Another important factor in the difficulty of incorporating AI systems is that it takes a very large amount of data to properly train an AI algorithm. Thankfully, other companies are doing this work, and it should be possible to buy an already trained AI, fit to purpose. All that remains is trusting that the trainers did their due diligence and that the AI will be effective.
Effectiveness of AI-driven security systems
AI-driven security systems are, for the most part, lauded as being effective. With faster threat detection and response times quicker than humanly possible, the advantage of using AI for data security is clear.
AI has also proven resilient in terms of adapting to new threats. AI has an inherent ability to learn, which means that as new threats are developed and new vulnerabilities emerge, a well-built AI will be able to learn and eventually respond to new threats just as effectively as old ones.
It has been suggested that AI systems must completely replace traditional data security solutions shortly. Part of the reason for this is not just their inherent effectiveness, but there is an anticipation that incoming threats will also be using AI. Better to fight fire with fire.
Is using AI for security dangerous?
The short answer is no, the long answer is no, but. The main concern when using AI security measures with little human input is that they could generate false positives or false negatives. AI is not infallible, and despite being able to process huge amounts of data, it can still get confused.
It could also be possible for the AI security system to itself be attacked and become a liability. If an attack were to target and inject malicious code into the AI system, it could see a breakdown in its effectiveness which would potentially allow multiple breaches.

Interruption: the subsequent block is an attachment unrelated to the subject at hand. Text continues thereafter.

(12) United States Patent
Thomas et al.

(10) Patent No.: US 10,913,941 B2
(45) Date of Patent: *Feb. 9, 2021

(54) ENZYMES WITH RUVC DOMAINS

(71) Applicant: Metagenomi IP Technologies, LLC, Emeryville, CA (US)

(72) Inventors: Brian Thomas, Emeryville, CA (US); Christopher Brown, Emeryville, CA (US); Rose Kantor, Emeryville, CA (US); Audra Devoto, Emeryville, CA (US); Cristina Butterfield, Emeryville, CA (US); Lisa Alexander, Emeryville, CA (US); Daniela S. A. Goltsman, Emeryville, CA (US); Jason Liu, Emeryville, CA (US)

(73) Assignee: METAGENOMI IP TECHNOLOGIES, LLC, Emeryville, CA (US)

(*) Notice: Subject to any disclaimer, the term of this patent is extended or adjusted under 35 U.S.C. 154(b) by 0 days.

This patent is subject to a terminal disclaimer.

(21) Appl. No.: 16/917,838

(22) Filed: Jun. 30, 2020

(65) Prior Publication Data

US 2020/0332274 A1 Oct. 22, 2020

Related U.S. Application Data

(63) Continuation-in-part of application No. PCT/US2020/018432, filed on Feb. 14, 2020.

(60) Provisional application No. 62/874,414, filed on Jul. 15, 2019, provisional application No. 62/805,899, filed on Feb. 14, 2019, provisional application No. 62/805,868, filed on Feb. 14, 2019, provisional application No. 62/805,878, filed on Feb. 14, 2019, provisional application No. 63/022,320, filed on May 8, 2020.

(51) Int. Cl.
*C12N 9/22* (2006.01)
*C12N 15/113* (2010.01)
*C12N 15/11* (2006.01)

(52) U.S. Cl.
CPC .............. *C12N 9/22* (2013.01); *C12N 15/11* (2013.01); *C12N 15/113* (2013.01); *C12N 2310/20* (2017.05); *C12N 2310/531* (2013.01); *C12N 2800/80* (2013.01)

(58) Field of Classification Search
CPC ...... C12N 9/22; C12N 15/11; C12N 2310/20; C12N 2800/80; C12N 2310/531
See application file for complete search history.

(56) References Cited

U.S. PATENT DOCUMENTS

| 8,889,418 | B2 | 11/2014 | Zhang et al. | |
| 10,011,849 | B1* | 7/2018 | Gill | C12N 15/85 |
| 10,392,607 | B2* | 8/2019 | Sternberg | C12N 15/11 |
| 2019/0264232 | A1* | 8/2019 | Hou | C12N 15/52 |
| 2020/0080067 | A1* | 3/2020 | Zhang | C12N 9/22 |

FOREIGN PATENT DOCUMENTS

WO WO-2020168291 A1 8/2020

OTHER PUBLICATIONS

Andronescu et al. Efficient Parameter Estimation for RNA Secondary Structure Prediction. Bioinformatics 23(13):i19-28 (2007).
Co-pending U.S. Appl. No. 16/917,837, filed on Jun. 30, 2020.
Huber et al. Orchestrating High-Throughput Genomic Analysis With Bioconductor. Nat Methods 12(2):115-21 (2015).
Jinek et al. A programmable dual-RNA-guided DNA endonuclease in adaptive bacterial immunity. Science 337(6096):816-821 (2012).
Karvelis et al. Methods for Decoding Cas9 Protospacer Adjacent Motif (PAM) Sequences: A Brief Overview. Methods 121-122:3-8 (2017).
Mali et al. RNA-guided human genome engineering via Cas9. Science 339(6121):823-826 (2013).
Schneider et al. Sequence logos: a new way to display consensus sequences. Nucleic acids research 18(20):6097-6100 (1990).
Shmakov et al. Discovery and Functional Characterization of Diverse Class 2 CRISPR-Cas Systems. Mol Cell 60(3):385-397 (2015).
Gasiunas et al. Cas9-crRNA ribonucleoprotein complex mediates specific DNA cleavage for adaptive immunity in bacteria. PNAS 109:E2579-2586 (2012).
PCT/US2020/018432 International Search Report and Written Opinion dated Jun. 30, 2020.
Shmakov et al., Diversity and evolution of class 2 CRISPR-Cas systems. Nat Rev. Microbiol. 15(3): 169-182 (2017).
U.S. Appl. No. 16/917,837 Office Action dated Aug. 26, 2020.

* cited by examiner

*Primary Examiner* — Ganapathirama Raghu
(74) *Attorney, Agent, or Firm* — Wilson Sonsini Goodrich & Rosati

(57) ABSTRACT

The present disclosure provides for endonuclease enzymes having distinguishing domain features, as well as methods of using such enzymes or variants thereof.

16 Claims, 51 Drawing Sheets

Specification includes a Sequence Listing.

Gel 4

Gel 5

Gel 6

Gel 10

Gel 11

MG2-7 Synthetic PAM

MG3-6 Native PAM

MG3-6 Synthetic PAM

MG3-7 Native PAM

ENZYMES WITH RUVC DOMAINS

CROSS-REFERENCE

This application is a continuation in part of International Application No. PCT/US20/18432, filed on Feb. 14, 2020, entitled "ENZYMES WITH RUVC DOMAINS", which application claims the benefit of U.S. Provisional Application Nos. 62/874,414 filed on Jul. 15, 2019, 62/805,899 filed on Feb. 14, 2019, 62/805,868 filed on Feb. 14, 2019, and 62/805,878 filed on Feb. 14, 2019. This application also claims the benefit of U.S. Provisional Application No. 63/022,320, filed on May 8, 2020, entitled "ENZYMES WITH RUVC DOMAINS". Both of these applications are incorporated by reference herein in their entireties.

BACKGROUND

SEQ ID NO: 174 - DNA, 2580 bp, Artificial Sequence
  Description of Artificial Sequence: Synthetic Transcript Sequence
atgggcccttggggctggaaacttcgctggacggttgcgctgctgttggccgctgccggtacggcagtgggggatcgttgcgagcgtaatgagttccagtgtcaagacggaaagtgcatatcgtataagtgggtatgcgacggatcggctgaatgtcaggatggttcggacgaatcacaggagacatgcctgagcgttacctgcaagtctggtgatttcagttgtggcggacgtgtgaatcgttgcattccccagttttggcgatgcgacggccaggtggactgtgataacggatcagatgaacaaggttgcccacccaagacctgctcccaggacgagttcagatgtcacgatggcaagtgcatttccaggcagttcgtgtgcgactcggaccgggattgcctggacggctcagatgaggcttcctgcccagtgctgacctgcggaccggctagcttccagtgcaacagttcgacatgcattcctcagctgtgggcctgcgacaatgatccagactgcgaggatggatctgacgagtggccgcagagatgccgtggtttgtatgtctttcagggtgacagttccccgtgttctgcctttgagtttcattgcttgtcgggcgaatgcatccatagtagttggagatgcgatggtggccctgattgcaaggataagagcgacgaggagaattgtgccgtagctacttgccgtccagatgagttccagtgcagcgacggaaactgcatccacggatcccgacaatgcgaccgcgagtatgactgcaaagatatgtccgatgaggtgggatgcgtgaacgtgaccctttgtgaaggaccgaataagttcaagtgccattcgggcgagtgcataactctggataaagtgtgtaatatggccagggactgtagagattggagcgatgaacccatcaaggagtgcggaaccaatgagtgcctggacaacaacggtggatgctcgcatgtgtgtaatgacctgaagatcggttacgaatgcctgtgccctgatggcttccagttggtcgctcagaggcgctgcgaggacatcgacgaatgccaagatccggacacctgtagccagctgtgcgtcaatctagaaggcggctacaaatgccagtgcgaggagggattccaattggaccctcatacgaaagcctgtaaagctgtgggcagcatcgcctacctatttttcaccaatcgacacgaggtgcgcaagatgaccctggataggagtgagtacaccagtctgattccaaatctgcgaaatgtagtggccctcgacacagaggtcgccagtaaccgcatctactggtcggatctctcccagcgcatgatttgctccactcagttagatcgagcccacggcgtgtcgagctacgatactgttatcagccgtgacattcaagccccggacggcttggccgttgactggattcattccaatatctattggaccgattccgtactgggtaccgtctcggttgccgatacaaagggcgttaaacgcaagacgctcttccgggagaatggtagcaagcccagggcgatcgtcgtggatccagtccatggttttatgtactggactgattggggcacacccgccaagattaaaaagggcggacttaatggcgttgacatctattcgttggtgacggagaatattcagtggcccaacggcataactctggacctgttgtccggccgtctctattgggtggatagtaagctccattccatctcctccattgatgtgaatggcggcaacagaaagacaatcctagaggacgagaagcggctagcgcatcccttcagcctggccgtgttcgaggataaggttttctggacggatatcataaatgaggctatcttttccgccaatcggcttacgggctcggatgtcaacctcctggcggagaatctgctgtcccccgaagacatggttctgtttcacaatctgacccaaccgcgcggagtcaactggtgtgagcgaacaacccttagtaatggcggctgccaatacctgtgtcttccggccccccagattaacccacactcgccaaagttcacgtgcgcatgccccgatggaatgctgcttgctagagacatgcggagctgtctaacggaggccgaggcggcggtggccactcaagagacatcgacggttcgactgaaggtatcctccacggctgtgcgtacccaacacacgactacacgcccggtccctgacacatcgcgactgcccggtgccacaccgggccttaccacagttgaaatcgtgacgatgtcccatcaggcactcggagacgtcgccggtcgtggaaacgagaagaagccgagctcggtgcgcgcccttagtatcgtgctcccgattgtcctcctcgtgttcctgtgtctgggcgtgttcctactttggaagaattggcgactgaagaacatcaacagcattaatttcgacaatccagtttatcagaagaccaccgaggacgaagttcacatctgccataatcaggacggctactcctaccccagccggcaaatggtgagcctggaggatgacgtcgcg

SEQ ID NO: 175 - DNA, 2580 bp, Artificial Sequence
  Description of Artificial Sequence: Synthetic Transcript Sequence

The best remedy for both of these concerns is likely to ensure that there is still an alert human component to the security system. By ensuring that well-trained individuals are monitoring the AI systems, the dangers of false positives or attacks on the AI system are reduced greatly.
Are there legitimate ethical concerns when AI is used for security?
Yes. The main ethical concern relating to AI when used for security is that the algorithm could have an inherent bias. This can occur if the data used for the training of the AI is itself biased or incomplete in some way.
Another important ethical concern is that AI security systems are known to sort through personal data to do their job, and if this data were to be accessed or misused, privacy rights would be compromised.
Many AI systems also have a lack of transparency and accountability, which compounds the problem of the AI algorithm’s potential for bias. If an AI is concluding that a human operator cannot understand the reasoning, the AI system must be held suspect.
AI could be a great boon to security systems and is likely an inevitable and necessary upgrade. The inability of human operators to combat AI threats alone seems to suggest its necessity. Coupled with its ability to analyze and sort through mountains of data and adapt to threats as they develop, AI has a bright future in the security industry.
However, AI-driven security systems must be overseen by trained human operators who understand the complexities and weaknesses that AI brings to their systems.
Working as a cyber security solutions architect, Alisa focuses on application and network security. Before joining us she held a cyber security researcher positions within a variety of cyber security start-ups. She also experience in different industry domains like finance, healthcare and consumer products.